Using Portfolio Management to Boost Innovation
(based on his article in Research-Technology Management, Sept 2013 – see link at end)
Robert G. Cooper
The Challenge
Most businesses’ development portfolios have far too many projects, and often the wrong ones, according to a major APQC study (Figure 1). The fact is that, over the last 15 years, portfolios have drifted from moderately balanced to a huge imbalance, with far too many small projects and few major or breakthrough initiatives.

A major part of the problem lies with portfolio management – how executives make their R&D investment decisions, relying largely on financial approaches, including NPV, ROI, and payback period. These methods are fine for evaluating traditional and “known” projects. However, an overreliance on these popular financial approaches favors incremental projects (whose financial forecasts are reasonably reliable), but will tend to kill all but the sure bets. The result is an anemic portfolio of development projects!

A related portfolio cause is the failure to set aside strategic resources to undertake these major initiatives and breakthrough projects. After the portfolio allocation exercise, resources are already over-committed, and thus there are few or no resources available to do the breakthroughs … and so they get postponed or put on hold.

Portfolio Solutions
First is the recognition that there is indeed a problem: A solid portfolio review is a good place to begin – a current state assessment of the breakdown of projects. Develop pie charts showing breakdowns of resource allocating across projects types, and also pie charts revealing sales revenues or profits, again broken down by project type. The results are often provocative, showing a real shortage of higher impact, major new products.

Fencing-Off Resources: Resources are often not available to do larger projects simply because they are totally consumed by too many small projects. One solution is an organizational one, namely to fence off people who working 100% on major developments or breakthroughs. A second solution is a portfolio approach, namely strategic buckets. Here, management makes a strategic decision to set aside resources for different types of projects including breakthroughs. This strategic approach is based on the premise that “strategy becomes real when you start spending money”…. so make the spending (allocation) decisions! (Strategic buckets is explained more in the main article (Cooper 2013) and at the my seminar “Deciding Your New Product Portfolio”).

Scoring Models For Early Go/Kill Decisions: Another solution is to use a scoring model for evaluations at early-stage portfolio reviews or gates. The goal is to protect more venturesome projects in the early days – to get them through the “valley of death” – until the project team has something tangible to show management and customers. A second goal is to reduce the over-reliance on financial models in the case of breakthrough initiatives, where so little is known with certainty, especially in the early stages.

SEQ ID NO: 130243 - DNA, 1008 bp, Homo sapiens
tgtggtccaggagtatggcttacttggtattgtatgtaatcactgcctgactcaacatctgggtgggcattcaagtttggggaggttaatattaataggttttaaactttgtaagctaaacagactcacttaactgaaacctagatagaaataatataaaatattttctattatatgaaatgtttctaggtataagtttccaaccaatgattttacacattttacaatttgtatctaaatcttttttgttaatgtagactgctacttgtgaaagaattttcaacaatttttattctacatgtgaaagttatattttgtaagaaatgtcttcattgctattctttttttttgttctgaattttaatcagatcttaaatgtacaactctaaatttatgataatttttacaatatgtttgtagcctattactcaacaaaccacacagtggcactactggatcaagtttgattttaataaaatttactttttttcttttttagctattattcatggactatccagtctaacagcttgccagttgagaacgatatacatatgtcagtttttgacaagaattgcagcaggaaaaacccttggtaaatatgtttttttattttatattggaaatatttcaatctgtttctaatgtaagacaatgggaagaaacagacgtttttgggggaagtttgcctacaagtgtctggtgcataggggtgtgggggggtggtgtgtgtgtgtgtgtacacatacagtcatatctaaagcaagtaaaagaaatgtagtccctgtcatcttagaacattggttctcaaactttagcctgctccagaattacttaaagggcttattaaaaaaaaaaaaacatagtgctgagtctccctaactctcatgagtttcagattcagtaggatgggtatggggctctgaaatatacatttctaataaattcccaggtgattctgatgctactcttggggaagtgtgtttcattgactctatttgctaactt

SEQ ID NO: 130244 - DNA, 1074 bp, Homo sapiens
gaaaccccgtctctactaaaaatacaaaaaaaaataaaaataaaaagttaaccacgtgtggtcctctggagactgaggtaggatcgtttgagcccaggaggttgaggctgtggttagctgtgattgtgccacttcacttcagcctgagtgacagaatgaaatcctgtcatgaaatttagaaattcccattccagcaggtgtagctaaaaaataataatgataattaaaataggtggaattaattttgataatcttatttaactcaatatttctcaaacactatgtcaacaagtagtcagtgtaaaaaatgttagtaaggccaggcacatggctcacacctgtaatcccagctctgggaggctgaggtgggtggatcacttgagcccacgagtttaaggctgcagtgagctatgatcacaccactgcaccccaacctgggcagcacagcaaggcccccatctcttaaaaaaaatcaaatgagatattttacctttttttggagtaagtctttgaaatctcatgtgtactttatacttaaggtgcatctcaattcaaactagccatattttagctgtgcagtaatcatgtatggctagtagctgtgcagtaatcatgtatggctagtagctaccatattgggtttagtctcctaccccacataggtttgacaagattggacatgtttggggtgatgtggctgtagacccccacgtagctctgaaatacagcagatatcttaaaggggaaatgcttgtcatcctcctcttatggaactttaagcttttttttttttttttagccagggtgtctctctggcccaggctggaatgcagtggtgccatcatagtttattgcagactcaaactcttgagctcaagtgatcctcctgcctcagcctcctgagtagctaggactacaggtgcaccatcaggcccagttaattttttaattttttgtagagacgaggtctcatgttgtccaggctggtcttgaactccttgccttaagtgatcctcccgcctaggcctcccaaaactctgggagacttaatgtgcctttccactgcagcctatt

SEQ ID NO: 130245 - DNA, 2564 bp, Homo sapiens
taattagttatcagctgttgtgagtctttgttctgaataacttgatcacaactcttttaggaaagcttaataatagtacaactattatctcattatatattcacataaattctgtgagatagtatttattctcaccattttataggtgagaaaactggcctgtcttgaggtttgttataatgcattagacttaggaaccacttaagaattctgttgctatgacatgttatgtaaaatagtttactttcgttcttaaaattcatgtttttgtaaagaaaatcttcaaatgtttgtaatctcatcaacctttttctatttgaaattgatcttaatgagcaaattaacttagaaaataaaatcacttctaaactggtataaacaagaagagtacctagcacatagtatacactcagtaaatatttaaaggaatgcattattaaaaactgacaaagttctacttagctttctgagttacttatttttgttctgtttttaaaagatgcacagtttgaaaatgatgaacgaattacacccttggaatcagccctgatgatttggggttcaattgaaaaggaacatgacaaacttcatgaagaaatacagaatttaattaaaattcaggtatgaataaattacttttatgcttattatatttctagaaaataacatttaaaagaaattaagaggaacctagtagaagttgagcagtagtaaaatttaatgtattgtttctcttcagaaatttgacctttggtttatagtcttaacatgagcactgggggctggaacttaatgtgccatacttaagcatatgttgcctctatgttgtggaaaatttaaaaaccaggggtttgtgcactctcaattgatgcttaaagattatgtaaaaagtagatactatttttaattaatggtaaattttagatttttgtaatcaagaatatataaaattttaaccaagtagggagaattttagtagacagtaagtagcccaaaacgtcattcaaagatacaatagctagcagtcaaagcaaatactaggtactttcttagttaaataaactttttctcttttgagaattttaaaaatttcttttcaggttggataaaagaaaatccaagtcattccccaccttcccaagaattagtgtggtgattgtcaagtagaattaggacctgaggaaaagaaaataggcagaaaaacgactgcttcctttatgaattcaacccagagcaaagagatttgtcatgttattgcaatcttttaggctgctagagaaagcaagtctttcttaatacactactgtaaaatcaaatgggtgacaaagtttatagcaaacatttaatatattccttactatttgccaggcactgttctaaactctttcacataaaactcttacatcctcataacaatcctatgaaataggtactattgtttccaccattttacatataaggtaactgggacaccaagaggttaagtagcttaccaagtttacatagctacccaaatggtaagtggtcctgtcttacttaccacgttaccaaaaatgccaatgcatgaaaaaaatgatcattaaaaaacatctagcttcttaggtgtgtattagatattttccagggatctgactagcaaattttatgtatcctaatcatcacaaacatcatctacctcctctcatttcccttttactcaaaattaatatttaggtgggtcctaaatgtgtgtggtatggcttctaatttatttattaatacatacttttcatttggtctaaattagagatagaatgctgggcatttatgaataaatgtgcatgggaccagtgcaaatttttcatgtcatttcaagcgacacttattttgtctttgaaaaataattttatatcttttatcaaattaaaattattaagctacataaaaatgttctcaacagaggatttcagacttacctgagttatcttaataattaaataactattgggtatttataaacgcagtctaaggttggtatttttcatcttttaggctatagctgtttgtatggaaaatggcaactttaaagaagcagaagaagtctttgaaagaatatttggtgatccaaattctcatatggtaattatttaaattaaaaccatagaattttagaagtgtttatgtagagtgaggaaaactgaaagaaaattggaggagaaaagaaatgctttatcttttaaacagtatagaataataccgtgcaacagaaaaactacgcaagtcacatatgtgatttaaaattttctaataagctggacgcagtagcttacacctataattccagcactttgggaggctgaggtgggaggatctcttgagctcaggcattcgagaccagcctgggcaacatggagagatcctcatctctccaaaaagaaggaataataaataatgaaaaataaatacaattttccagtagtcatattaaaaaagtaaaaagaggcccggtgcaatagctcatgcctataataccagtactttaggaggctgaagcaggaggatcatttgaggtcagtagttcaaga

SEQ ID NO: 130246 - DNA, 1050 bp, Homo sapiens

Scorecards place more emphasis on non-financial factors, the theory being that certain projects have a winning profile, and that profiling via a scorecard is a much better predictor of success than financial projections. (Tried-and-proven and research-based scorecards will be demonstrated at the portfolio seminar; see also Cooper 2013).

An Options Approach: What some managers miss is that, at the early stages of a venturesome project, they are not making an all-or-nothing Go/Kill decision, but rather a relatively small investment to undertake a preliminary investigation – to “test the waters”. Thus the initial investment decisions do not need the rigor of later-stage decisions. Think of the idea-to-launch process as “buying a series of options” on the project, rather than “buying the whole project outright”; and buying options is one way to mitigate risk. Thus a gating or buying options approach helps to manage the risk of breakthrough development projects.

If you view development investment decisions as a series of “options purchases” from beginning to end of project, then it becomes immediately apparent that traditional NPV and related financial techniques are wrong for this type of investment decision. NPV is a standard capital budgeting technique which assumes an all-or-nothing decision: Should we build the new factory or not? By not building in the risk mitigating strategy of buying options, NPV and related financial techniques tend to undervalue (penalize heavily) venturesome projects…. and so these projects get killed!

A more realistic financial model is the Expected Commercial Value (ECV) which looks at risks and probabilities, but most important, takes the investment a step-at-a-time via a decision tree approach. By considering the options-buying nature of new-product projects, which mitigates risk, the ECV method will value venturesome projects much more fairly (usually much higher) than do NPV methods  (More about this powerful financial method at our portfolio seminar, and also in Cooper 2013)

Not Enough Breakthroughs? — Some Good Solutions Are Available
Portfolio management offers some of the solutions:
•    Employing strategic buckets to preferentially set aside resources for big, risky projects.
•    Using scoring models for early gate decisions (instead of over-reliance on financial models).
•    Adopting a step-wise approach to investment decisions to mitigate risk
•    Using the right financial models (options models) such as Expected Commercial Value.

Portfolio seminars: see and
Cooper, R. G. (2012). Creating bold innovation in mature markets. IESE Insight, Third Quarter, Issue 14: 20-27.

Cooper, R. G. (2013). Where are all the breakthrough new products? Using portfolio management to boost innovation. Research-Technology Management, Sept-Oct: 25-32. Full article available at: